In competition, Judo is a test of skill, and mental discipline, while avoiding injury. In Japanese it means "gentle way." It's simply a way of life for Tom Knox. "If you in here training 4 or 5 days a week to be good, it becomes a lifestyle."
He's been training since he was 4-years-old, and earned a black belt years ago. These days he teaches Judo and Jiujitsu at Elite MMA in Visalia.
"To the non-knowing person it probably looks like wrestling in clothing."
But they are worlds apart. Judo matches start with a bow, and then the opponents fight for a grip.
"Sometimes a guy can get lucky and a match ends in literally 5 seconds... I grab Mike and throw him flat on his back and the match is over."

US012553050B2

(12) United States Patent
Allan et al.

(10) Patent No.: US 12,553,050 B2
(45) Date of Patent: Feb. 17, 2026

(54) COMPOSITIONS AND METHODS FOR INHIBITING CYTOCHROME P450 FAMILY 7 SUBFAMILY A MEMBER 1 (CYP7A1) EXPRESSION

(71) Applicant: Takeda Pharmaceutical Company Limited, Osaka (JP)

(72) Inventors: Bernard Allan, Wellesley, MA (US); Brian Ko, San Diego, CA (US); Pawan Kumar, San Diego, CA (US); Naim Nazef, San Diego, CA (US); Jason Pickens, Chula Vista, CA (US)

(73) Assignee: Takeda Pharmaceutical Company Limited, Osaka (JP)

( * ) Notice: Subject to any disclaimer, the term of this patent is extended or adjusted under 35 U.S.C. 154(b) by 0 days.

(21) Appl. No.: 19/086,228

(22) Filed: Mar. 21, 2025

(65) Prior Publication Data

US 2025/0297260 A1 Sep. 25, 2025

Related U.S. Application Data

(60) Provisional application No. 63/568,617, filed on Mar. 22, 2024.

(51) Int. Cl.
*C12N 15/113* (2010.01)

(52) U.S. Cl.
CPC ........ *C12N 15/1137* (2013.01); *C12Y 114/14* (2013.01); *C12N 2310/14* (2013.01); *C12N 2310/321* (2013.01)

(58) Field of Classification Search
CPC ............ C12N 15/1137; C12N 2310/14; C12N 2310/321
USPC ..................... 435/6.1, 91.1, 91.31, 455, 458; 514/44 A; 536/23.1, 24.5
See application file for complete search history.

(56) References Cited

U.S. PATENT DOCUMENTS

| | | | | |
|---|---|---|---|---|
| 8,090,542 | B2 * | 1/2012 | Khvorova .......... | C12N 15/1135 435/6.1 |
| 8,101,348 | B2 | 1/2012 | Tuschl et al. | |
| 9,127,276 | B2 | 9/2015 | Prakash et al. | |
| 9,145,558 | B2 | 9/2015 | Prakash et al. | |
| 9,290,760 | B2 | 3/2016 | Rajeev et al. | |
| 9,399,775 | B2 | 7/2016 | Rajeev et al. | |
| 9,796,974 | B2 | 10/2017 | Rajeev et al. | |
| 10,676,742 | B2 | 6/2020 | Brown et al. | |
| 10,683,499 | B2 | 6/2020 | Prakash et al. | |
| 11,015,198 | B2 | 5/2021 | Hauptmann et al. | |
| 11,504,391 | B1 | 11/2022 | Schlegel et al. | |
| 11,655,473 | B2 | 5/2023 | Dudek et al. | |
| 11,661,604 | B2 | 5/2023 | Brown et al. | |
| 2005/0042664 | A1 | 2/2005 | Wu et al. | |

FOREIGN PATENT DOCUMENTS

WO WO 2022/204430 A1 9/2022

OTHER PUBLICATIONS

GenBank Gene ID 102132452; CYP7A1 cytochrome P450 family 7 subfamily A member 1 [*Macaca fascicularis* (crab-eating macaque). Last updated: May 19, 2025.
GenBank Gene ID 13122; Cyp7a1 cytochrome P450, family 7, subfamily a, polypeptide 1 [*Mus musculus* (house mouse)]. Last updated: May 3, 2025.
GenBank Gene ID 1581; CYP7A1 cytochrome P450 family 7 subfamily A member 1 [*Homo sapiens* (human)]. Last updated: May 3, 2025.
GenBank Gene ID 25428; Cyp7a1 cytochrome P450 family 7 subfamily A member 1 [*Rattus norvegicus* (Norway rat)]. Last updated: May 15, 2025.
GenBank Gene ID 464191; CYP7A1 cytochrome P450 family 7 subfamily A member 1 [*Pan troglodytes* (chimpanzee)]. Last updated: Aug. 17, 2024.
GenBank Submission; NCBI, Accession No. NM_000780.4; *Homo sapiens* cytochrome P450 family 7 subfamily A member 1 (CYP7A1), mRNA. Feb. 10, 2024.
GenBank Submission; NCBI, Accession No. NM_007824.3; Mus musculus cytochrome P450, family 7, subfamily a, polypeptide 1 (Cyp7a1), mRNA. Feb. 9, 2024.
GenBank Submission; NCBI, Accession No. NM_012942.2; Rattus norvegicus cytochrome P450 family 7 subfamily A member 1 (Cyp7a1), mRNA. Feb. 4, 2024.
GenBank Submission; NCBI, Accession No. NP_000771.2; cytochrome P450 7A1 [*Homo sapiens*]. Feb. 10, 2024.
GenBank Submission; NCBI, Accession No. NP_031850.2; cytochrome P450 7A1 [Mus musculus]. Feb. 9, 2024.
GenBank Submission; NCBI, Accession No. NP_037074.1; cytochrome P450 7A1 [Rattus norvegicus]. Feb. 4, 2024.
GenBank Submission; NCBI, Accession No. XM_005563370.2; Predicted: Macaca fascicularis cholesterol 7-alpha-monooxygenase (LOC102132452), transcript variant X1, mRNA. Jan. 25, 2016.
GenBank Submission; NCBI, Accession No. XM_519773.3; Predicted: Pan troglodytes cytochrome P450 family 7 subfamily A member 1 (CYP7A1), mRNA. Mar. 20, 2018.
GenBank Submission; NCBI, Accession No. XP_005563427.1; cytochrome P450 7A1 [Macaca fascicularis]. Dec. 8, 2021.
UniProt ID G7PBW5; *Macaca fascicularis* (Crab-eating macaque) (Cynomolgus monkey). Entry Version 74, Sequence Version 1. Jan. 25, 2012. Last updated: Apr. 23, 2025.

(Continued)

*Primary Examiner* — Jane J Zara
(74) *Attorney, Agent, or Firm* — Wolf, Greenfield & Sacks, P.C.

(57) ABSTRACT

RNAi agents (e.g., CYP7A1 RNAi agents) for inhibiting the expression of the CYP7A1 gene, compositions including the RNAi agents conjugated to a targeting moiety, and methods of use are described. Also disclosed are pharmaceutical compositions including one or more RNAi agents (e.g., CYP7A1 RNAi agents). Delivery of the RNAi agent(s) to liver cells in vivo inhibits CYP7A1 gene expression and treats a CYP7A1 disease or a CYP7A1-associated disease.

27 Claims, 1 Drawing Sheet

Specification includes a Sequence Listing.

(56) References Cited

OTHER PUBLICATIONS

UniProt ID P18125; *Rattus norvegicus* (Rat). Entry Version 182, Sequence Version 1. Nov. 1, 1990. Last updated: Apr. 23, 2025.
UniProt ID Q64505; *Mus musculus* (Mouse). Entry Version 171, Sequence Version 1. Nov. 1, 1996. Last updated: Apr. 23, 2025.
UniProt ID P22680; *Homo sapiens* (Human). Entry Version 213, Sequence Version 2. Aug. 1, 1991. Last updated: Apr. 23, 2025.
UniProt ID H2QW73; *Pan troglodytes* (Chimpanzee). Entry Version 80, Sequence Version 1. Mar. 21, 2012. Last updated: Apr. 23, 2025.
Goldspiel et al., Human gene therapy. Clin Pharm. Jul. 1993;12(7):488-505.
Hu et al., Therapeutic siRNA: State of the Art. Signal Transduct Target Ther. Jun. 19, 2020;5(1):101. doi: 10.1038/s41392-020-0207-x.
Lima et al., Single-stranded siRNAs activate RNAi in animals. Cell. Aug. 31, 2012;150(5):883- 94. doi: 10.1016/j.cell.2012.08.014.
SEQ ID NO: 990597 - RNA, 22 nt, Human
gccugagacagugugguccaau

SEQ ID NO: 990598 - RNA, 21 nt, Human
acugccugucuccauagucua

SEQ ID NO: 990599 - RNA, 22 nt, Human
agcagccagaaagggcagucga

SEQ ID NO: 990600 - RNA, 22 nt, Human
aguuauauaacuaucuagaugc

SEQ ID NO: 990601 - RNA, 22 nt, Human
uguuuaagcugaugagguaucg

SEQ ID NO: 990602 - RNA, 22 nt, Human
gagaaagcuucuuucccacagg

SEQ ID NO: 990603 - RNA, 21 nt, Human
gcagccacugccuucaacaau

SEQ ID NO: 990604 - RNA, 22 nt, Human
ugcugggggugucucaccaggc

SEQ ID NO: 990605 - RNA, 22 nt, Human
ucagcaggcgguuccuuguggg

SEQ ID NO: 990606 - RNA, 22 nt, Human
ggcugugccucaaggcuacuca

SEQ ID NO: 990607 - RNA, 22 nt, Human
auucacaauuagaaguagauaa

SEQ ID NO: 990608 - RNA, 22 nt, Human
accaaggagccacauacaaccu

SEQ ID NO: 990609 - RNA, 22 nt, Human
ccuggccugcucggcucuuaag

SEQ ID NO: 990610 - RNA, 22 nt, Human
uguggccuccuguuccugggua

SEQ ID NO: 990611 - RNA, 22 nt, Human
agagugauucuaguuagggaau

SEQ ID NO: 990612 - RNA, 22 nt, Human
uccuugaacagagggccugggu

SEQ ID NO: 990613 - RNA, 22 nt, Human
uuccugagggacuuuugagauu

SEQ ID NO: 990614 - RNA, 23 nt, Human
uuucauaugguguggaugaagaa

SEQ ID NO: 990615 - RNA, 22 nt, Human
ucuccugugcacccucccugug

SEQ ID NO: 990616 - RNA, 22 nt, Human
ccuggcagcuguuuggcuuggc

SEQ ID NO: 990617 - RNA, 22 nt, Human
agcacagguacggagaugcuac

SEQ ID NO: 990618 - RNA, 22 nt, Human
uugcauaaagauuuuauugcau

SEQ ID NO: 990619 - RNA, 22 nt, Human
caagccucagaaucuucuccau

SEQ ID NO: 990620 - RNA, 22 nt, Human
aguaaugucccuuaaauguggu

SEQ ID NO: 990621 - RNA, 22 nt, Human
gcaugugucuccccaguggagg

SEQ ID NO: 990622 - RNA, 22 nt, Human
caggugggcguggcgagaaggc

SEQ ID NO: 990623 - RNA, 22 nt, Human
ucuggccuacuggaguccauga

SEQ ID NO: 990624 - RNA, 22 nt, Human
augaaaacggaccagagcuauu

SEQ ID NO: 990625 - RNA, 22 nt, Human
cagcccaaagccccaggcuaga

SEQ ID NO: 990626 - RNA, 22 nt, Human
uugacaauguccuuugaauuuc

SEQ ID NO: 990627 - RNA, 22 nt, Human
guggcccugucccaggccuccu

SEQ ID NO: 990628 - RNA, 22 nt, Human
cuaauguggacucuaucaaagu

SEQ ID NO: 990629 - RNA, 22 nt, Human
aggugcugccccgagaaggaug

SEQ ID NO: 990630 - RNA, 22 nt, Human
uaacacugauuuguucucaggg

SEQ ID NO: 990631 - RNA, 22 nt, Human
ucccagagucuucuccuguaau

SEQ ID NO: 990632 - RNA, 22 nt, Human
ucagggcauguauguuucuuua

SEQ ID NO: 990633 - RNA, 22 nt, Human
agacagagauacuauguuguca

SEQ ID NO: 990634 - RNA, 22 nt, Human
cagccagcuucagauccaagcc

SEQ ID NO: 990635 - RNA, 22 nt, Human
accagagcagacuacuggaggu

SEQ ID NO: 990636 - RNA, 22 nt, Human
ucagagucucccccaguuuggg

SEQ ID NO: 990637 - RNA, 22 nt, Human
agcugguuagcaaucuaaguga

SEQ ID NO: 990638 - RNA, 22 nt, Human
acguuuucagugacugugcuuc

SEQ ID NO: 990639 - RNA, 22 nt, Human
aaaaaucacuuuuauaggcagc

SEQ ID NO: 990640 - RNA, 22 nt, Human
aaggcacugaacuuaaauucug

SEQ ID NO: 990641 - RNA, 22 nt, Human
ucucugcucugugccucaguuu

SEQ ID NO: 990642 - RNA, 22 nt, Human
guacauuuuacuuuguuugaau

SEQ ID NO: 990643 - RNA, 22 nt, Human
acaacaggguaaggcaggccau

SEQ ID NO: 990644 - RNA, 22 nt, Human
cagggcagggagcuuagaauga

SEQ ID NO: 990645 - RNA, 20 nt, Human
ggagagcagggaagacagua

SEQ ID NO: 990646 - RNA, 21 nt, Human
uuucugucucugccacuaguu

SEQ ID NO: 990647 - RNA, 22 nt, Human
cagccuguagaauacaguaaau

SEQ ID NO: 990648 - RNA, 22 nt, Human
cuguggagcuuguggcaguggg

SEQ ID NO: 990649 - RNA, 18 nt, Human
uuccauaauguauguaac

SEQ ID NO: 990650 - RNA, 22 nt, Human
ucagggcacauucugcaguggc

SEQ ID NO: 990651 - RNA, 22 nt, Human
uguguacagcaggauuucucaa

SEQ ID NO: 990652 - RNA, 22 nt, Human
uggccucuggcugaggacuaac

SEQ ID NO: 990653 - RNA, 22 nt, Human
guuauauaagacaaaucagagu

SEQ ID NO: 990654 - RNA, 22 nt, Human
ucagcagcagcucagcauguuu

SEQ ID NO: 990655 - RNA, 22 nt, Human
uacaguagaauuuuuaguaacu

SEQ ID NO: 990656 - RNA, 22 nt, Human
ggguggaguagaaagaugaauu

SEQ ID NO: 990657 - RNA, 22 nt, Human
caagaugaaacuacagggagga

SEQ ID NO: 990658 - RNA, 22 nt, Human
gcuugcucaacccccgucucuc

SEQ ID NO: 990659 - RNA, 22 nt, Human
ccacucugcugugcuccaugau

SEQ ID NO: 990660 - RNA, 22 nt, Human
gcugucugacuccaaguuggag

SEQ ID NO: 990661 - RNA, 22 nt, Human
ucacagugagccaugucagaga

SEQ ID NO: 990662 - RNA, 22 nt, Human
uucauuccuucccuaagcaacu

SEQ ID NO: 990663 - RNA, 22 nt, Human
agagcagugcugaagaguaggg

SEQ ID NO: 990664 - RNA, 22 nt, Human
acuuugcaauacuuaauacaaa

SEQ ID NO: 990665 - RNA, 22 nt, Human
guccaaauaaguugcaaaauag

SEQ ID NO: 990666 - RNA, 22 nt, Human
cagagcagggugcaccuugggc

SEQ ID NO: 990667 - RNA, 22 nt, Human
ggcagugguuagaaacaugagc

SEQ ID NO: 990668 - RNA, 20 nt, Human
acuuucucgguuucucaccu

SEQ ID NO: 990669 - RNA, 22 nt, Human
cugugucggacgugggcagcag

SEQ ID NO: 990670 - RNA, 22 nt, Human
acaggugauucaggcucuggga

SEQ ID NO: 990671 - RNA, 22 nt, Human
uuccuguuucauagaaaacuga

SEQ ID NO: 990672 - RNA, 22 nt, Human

If the fight goes to the ground, there are two more ways to win.
By pin: "As long as I have him pinned on the mat and he doesn't have control of my legs and it's one shoulder blade on the mat then it's a pin."
Or submission: "I grab him...Pull him here and he taps."
It sounds simple, but on a world stage there are years of technique involved.
"Most of the people you see on the Olympic level have been doing it their whole lives, starting as kids and gone on through college."
He says in other countries like Japan, Russia and Brazil, the government funds Judo programs, aiding it's development and increasing chances for gold.
"As far as on a world stage, we're not the best, we have a long way to go with our Judo program."
You can catch all the judo action beginning on July 28th. The tournament runs through August 3rd. You can catch all the Olympic action on NBC's Olympic website by clicking here.